” But now there is hardly a world around them and they are forced back on themselves. During these days in the hill town near Florence, indoors during the day of rain, daydreaming in the one soft chair in the kitchen or on the bed or on the roof, he has no plots to set in motion, is interested only in Hana. And it seems she has chained herself to the dying man upstairs. ” (II 40)
Imagery and lyricism reign in this novel. Set at the end of the Second World War, The English Patient follows the relationship of four people who are thrown together by the fluke of the war in a near-ruined Florentine villa. The novel meanders its way back to the individuals’ past exploits, interwoven in a non-linear manner, that both require and repay a reader’s act of faith and scrupulousness.
The English Patient begins in Villa San Girolamo, when a Canadian nurse Hana attends to a severely burned man, the English patient of the title. There is no way she can press weight on him without causing pain. Even a touch. She bathes him, reads to him, and gives him morphine: tending his last days in life. Since all the other nurses have been transferred out after Allied forces have got the upper hand, Hana’s only communication is with the burned man, whose name and identity she does not have a clue, despite a wealth of information—maps, diary entries, writings in many languages, pages cut out of other books—in his commonplace book.
He speaks in fragments about oasis towns, the later Medicis, the prose style of Kipling, the woman who bit into his flesh. (III 96)
He brought pale brown cigarette papers and glued them into sections of The Histories that recorded wars that were of no interest to him. He wrote down all her arguments against him. (VI 172)
Joining the nurse and patient later is David Caravaggio, a friend of Hana’s father. He entered British foreign intelligence service in the late 1930s because of his skill as a thief. Left behind to spy on the German forces, he was eventually caught and tortured. He lives through a time of belligerence when everything offered up to those around him was a lie. His forte allows him later to unthread the story out of the English patient who, after all, is neither English nor a soldier, but an expeditioner and cartographer working in Africa, where an affair with a woman led to dire consequences.
Kip was accustomed to his invisibility . . . The self-sufficiency and privacy Hana saw in him later were caused not just by his being a sapper in the Italian campaign. It was as much a result of being the anonymous member of another race, a part of the invisible world. (VII 196)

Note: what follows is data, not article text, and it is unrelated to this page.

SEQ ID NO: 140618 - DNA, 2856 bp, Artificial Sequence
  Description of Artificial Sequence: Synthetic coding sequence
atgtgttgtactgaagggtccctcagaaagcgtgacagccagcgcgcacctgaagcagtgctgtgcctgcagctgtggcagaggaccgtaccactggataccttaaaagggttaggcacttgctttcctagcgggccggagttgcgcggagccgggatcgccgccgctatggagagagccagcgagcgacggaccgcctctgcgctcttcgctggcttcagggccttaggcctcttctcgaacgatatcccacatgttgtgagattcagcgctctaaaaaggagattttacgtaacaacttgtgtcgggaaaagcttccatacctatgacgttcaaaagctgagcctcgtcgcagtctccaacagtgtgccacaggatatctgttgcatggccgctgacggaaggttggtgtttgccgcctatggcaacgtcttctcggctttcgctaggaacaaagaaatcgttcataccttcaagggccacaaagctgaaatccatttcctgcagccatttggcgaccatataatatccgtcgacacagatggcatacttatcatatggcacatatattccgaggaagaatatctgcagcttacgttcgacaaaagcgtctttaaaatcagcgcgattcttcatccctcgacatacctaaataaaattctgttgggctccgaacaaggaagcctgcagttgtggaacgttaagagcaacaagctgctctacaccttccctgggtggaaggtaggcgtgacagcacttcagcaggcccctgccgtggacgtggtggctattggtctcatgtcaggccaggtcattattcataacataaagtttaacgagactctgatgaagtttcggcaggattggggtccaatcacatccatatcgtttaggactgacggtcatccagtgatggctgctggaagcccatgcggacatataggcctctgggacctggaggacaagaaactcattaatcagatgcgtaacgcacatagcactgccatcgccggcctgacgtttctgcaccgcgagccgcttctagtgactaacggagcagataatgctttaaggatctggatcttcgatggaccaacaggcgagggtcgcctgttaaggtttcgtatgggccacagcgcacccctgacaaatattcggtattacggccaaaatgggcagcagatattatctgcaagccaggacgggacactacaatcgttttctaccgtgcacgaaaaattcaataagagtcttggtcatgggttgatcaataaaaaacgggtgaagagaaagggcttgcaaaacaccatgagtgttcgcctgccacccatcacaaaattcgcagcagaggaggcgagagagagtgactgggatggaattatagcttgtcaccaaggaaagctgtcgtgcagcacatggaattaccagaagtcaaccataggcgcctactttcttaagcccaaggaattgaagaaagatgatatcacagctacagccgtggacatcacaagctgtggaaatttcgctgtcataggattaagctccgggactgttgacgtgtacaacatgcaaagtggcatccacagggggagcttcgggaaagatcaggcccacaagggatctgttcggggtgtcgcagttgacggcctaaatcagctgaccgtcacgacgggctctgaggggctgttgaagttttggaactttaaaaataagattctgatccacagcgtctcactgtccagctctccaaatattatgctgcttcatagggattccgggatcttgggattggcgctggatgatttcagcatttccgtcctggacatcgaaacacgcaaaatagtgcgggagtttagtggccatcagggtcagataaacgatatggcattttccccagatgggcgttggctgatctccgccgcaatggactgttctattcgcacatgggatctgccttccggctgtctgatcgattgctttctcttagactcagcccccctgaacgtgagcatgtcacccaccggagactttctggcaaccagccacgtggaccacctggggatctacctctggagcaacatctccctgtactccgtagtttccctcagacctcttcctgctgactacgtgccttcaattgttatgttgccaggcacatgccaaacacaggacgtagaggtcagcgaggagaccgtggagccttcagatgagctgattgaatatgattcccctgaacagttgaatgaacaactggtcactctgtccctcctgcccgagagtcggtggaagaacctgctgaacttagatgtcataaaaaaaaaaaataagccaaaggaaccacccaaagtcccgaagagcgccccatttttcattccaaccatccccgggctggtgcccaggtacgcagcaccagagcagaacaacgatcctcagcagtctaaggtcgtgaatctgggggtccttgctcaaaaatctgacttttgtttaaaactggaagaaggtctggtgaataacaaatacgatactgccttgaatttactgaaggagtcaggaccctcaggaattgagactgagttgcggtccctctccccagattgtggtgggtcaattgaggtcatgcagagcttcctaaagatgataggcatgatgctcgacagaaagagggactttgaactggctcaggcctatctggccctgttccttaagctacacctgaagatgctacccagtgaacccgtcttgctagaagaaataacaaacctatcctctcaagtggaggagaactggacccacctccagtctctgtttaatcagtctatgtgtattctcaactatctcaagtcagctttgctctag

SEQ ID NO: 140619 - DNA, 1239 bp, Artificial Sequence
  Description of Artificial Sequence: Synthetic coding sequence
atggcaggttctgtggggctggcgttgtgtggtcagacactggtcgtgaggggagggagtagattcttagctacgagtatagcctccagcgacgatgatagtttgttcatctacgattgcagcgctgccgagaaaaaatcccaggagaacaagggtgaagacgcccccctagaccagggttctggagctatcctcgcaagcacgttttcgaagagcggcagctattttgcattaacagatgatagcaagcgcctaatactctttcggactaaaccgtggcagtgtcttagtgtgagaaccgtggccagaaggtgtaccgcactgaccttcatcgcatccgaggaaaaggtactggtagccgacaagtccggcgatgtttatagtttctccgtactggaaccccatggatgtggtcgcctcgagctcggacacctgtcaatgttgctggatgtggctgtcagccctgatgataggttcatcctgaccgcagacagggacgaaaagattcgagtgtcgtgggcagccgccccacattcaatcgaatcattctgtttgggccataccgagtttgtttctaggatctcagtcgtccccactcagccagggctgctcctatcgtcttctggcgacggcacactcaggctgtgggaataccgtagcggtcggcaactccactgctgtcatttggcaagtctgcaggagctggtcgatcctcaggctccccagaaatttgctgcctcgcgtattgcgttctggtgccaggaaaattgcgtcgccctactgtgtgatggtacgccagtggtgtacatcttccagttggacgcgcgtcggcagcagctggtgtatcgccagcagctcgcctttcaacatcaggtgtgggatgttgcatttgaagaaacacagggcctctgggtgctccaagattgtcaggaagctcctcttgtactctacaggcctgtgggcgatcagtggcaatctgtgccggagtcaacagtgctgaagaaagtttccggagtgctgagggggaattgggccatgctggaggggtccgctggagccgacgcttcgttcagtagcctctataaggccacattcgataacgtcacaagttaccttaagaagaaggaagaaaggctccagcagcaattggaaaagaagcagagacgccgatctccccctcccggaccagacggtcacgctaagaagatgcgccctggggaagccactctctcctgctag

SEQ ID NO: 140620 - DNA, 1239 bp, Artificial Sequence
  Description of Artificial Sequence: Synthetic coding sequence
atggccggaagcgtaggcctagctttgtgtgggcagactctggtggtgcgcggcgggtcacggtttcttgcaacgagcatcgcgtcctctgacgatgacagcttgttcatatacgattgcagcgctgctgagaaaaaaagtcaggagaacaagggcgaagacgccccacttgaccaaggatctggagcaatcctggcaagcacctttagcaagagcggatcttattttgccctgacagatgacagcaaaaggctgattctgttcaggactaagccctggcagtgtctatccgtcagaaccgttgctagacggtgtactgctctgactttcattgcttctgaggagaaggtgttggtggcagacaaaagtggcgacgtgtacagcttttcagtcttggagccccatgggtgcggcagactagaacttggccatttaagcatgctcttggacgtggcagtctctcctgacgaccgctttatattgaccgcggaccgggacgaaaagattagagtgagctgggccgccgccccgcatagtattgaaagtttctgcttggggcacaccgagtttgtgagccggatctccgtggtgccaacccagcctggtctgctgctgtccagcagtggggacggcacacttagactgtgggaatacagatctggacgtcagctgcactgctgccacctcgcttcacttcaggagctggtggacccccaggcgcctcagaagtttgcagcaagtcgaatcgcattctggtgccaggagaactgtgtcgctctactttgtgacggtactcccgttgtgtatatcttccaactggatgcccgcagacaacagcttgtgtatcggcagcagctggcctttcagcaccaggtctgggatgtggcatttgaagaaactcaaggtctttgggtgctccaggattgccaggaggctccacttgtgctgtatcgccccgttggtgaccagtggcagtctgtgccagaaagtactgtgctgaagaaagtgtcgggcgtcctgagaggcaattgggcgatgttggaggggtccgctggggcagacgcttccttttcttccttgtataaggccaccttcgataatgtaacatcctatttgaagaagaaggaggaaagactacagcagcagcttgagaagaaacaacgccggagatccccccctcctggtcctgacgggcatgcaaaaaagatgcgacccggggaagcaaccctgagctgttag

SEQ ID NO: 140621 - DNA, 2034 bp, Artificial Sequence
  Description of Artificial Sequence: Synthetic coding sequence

An Indian combat engineer who specializes in dismantling bombs and mines also arrives in the make-shift hospital. Hana’s piano music attracts him to the villa, where he dismantles bombs left by the Germans and fixes booby-trapped instruments. Emotionally detached, the sikh fought a war as an outsider, feeling disconnected from England’s cause. He feels betrayed by the side he was fighting for. It’s Hana who breathes new meaning into his life and brings back a sense of community.
He isn’t an Englishman. American, French, I don’t care. When you start bombing the brown races of the world, you’re an Englishman. You had King Leopold of Belgium and now you have fucking Harry Truman of the USA. You all learned it from the English . . . They would never have dropped such a bomb on a white nation. (X 286)
The English Patient is a piece of unforgettable literature. Buried under feats of espionage, archaeological exploration, bomb disposal and warfare are two love stories that soar above cultures and times. The quiet and elegant prose possesses an artistry in the uncanny unfolding of the novel’s themes and variations. The shell-shocked characters, of diverse nationalities, and the shadows of their memories infuse a sense of destiny and delicacy about being human in times of adversity. That the perception of events’ order is uncertain renders the novel rich in layers. The fragments of memories accentuate the harrowing fact that war shattered these people’s lives: all that remains are fragments of those endearing moments of relationships. It’s a beautiful book about human relationships, in particular love, that traverse and transcend over time, place, and nationality.
302 pp. Picador UK softcover. [Read/
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